Office of the Czech Republic Government

The Office of the Czech Republic Government is a central state administration body, which fulfils tasks related to the professional, organizational and technical arrangements concerning the activities of the Czech Republic Government and its bodies. The Office of the Czech Republic Government is directly responsible for providing conditions for work of specialized units of the Prime Minister and members of the government included in his organizational structure. The government bodies whose operations are organized by the Office of the Czech Republic Government include the Legislative Council of the Government, the State Security Council and the Council of the Czech Republic Government for Human Rights. The Office of the Czech Republic Government also manages several representative properties owned by the state – e.g. the Kramář Villa, Hrzánský Palace, State Castle Koloděje or the villa of the former President Beneš in Sezimovo Ústí. These properties are mostly used for government meetings, working sessions or accommodation of top-level foreign delegations.

No less interesting is also the building which hosts the seat of the Czech Republic Government and of the Office of the Czech Republic Government. The stately neo-baroque building is mostly known to the public under the name “Straka's Academy”. After its completion in 1896, it served as a students' hostel for sons of poorer Czech aristocratic families, as designated by the emperor's privy counsel count Jan Petr Straka of Nedabylice and Libčany, who bequeathed all his assets for such purpose in his testament. The building was designed by the architect Václav Roštlapil and decorated by sculptors Josef Mauder and Celda Klouček. Straka's Academy also has a large garden, built under the supervision of František Thomayer.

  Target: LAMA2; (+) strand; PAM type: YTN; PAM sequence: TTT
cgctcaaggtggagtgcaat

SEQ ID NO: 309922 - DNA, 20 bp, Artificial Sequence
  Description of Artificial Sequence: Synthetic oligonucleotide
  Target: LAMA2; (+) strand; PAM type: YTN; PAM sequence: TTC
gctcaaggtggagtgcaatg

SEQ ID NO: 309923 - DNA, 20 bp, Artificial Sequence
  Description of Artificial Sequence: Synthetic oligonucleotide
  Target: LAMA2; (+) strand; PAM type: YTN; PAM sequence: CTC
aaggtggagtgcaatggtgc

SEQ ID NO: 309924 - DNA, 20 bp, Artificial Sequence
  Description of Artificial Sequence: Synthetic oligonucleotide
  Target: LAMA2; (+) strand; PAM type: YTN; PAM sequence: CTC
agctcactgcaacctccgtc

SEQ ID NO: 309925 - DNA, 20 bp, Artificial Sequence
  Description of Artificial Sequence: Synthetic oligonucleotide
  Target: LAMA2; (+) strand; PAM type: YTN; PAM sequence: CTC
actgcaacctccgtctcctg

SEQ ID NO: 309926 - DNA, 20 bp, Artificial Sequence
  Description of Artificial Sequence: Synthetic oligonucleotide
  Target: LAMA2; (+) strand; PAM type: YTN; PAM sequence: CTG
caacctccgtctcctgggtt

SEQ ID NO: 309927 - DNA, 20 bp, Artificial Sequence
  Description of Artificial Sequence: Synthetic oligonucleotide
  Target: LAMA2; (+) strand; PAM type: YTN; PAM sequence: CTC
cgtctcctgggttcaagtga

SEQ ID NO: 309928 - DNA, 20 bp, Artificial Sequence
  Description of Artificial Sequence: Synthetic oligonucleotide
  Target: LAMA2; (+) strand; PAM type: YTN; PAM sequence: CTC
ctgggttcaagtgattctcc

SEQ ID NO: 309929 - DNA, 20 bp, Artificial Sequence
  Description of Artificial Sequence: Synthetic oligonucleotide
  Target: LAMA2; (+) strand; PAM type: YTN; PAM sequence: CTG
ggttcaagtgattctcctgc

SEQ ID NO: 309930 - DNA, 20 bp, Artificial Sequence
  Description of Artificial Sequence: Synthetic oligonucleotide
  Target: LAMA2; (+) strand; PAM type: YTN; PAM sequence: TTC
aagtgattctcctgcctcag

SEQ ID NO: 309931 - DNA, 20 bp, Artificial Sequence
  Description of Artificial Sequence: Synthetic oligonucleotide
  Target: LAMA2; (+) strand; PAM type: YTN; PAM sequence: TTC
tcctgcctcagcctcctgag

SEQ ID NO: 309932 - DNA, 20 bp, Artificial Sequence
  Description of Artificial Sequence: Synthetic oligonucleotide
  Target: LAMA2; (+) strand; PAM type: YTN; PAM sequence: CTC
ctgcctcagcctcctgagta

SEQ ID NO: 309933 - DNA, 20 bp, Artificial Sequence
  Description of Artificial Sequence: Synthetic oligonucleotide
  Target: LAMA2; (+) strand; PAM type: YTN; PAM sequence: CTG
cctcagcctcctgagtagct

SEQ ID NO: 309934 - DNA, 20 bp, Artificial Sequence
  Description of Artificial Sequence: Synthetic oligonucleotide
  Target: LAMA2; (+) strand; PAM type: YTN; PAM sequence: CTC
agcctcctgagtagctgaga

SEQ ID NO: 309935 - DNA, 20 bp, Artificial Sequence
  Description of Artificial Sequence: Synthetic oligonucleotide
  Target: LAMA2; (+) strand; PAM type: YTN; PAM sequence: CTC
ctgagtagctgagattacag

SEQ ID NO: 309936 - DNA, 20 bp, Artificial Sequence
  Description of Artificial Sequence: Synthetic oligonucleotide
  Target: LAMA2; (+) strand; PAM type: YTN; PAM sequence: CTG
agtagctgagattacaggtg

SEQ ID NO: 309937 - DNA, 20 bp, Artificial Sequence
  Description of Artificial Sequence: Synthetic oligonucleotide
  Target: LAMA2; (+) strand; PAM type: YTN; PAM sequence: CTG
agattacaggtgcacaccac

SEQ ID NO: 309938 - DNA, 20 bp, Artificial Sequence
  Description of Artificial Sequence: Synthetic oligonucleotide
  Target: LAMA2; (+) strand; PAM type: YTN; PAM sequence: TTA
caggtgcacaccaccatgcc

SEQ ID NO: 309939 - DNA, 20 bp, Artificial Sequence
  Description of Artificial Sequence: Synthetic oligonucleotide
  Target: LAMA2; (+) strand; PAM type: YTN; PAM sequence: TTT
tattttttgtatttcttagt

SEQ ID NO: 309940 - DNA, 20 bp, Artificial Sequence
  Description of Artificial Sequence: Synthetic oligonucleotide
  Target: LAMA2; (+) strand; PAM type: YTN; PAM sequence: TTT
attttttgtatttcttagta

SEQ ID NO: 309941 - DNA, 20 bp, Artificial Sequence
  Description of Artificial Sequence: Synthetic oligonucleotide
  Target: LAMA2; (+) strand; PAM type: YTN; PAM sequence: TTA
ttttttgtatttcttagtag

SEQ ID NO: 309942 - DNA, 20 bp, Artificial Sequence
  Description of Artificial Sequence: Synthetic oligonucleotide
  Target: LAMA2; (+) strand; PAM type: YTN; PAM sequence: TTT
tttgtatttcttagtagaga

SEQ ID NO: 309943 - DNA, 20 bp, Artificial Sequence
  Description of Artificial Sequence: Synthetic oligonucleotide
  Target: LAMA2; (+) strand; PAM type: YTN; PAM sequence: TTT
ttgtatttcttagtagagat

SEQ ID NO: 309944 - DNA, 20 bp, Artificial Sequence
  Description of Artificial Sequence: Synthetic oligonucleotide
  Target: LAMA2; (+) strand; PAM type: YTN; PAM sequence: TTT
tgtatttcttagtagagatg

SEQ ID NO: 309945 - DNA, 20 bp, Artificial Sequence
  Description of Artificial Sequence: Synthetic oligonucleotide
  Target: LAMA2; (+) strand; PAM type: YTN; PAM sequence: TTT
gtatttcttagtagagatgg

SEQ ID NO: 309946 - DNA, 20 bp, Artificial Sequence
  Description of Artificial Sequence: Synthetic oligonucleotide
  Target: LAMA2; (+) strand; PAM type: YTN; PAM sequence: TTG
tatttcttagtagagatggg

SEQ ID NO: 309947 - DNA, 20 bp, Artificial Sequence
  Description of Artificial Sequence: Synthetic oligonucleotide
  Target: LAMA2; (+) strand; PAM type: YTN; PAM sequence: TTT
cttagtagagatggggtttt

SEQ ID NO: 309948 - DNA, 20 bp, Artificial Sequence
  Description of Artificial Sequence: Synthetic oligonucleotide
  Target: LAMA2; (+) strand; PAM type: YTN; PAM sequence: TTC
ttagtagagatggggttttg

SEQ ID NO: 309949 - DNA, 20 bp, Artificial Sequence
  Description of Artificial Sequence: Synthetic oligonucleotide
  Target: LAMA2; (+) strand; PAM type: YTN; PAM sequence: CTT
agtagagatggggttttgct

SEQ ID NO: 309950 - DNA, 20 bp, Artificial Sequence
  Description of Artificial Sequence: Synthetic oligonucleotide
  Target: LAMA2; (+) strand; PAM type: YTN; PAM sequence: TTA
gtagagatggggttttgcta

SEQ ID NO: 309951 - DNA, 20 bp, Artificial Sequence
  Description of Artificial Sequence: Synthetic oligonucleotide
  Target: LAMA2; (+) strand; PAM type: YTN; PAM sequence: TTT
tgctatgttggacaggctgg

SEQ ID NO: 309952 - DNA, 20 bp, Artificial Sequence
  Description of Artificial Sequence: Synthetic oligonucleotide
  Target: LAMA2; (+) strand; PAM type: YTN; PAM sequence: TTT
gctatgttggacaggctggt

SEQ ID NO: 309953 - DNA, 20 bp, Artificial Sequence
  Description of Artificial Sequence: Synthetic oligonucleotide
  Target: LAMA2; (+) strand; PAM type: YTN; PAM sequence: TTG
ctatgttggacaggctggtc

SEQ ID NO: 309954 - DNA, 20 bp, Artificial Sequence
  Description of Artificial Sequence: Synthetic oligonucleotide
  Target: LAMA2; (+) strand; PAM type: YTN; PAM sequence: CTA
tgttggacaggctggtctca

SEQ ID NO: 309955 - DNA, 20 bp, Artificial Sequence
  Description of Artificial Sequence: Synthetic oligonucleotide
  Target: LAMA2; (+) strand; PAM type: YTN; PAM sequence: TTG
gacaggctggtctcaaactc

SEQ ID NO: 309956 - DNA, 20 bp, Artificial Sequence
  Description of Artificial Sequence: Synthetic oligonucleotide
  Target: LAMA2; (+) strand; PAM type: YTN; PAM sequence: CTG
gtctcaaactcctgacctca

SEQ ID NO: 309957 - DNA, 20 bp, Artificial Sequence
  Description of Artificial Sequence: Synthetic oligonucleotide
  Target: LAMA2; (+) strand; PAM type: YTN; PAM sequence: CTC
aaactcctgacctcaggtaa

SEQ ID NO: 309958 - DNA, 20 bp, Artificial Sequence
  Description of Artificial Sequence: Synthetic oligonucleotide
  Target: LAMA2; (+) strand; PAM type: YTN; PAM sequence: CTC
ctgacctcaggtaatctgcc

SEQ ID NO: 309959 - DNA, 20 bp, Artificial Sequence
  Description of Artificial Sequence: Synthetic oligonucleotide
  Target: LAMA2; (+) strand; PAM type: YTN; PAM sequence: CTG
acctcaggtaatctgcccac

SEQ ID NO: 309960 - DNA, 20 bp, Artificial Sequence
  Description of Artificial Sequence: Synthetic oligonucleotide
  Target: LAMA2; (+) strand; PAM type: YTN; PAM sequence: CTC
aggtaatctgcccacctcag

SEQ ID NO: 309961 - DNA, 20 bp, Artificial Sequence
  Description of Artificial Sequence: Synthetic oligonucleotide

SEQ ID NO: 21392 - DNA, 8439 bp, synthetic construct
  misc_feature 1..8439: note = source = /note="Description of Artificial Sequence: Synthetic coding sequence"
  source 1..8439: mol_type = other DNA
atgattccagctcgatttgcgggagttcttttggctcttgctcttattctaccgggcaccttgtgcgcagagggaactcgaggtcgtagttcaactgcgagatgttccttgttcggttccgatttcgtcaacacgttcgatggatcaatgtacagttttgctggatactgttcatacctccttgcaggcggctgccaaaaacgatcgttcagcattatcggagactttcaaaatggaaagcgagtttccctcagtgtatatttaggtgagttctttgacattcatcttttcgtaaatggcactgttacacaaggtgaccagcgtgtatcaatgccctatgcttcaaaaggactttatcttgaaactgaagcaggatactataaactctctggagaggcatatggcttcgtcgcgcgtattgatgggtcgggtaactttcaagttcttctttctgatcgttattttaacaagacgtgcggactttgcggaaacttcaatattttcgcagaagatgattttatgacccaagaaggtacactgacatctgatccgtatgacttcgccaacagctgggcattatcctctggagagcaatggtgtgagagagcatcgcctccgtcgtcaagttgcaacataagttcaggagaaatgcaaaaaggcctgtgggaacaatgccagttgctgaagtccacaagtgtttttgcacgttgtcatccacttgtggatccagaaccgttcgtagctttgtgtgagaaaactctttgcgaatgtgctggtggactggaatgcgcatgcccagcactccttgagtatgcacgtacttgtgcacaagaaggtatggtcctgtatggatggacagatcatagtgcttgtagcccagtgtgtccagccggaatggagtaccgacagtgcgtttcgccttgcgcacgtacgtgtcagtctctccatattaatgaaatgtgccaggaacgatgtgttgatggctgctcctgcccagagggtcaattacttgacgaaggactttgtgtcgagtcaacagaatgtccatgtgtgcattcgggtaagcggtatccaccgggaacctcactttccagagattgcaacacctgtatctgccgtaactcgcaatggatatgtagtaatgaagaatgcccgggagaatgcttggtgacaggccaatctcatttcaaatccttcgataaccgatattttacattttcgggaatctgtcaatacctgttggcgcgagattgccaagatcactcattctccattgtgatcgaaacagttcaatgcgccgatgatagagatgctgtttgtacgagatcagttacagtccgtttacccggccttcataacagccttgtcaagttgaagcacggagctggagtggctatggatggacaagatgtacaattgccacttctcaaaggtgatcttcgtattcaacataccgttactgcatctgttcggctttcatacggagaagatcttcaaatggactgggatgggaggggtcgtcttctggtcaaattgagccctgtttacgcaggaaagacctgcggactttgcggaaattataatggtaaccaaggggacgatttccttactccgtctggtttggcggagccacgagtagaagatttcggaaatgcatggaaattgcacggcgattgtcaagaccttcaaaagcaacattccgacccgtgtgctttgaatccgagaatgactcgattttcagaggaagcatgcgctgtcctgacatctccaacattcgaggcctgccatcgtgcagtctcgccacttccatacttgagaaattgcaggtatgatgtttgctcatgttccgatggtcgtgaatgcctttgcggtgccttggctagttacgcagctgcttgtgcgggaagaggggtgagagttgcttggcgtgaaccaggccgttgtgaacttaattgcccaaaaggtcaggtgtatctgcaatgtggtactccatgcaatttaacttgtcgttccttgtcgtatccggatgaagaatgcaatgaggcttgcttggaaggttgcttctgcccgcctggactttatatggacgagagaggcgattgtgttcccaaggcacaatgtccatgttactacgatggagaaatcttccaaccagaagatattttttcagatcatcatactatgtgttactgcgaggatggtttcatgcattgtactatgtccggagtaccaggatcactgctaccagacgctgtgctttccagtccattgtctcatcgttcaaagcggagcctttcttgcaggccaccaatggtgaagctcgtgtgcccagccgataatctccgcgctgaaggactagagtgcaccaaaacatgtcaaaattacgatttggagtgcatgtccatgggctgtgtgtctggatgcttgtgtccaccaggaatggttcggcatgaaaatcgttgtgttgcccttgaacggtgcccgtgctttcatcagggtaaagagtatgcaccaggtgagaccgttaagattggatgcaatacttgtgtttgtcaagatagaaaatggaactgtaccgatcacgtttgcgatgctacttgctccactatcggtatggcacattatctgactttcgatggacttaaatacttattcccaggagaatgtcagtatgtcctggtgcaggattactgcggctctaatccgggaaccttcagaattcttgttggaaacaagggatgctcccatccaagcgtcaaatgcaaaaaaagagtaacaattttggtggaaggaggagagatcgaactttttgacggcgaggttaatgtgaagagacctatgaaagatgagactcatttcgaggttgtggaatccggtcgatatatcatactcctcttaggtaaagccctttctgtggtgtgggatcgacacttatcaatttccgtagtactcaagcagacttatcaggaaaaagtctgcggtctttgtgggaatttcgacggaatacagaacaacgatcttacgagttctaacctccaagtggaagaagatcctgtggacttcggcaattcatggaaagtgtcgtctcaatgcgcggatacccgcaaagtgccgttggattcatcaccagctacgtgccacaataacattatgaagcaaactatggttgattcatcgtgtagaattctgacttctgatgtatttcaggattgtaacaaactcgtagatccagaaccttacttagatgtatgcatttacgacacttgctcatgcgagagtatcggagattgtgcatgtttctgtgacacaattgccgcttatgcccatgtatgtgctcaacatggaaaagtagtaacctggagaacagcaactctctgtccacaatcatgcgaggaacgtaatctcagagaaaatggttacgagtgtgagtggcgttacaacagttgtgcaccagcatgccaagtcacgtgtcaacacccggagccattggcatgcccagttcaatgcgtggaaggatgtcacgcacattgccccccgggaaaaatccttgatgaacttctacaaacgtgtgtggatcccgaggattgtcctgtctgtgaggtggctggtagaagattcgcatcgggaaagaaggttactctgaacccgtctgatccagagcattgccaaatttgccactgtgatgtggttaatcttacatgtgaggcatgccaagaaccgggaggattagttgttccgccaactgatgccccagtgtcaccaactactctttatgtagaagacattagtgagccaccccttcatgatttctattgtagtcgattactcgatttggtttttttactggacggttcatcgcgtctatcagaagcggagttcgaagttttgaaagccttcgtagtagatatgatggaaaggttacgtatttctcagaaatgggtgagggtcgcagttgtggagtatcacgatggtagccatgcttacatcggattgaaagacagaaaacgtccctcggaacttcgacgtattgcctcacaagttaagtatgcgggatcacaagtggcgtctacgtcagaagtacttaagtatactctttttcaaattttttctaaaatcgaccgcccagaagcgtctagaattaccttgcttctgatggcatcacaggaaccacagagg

The short history of the hostel ended by the declaration of the Czechoslovak Republic and subsequent cancellation of aristocratic titles. However, the building continued to serve students, because it became in 1921 the seat of the Czechoslovak Students' Union and later on also of the students' club “Academic House”. Moreover, the building also became the seat of some ministries and state authorities. In 1939, the building began to be used by the government of the Protectorate and Straka's Academy underwent large-scale renovation, designated to adjust the original building to the new state purposes. After Reinhard Heydrich's arrival in Prague in 1942, the building became subject to a forced sale and hosted a special land court. After World War Two, the building was dedicated for the new Czechoslovak Government and hosted until 1992 the presidiums of twenty post-war governments. Since 1 January 1993, Straka's Academy has been the seat of the Czech Republic Government.

If the previous lines have ignited at least a spark of curiosity in your mind, you have an opportunity to learn more about the activities of the government and the building where it has its seat. The Office of the Czech Republic Government offers to the public and school classes a possibility to make guided tours in the premises of Straka's Academy. You will see the state premises, the conference hall of the government and the working environment of the prime minister and his team.

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nábř. Edvarda Beneše 4,
Praha 1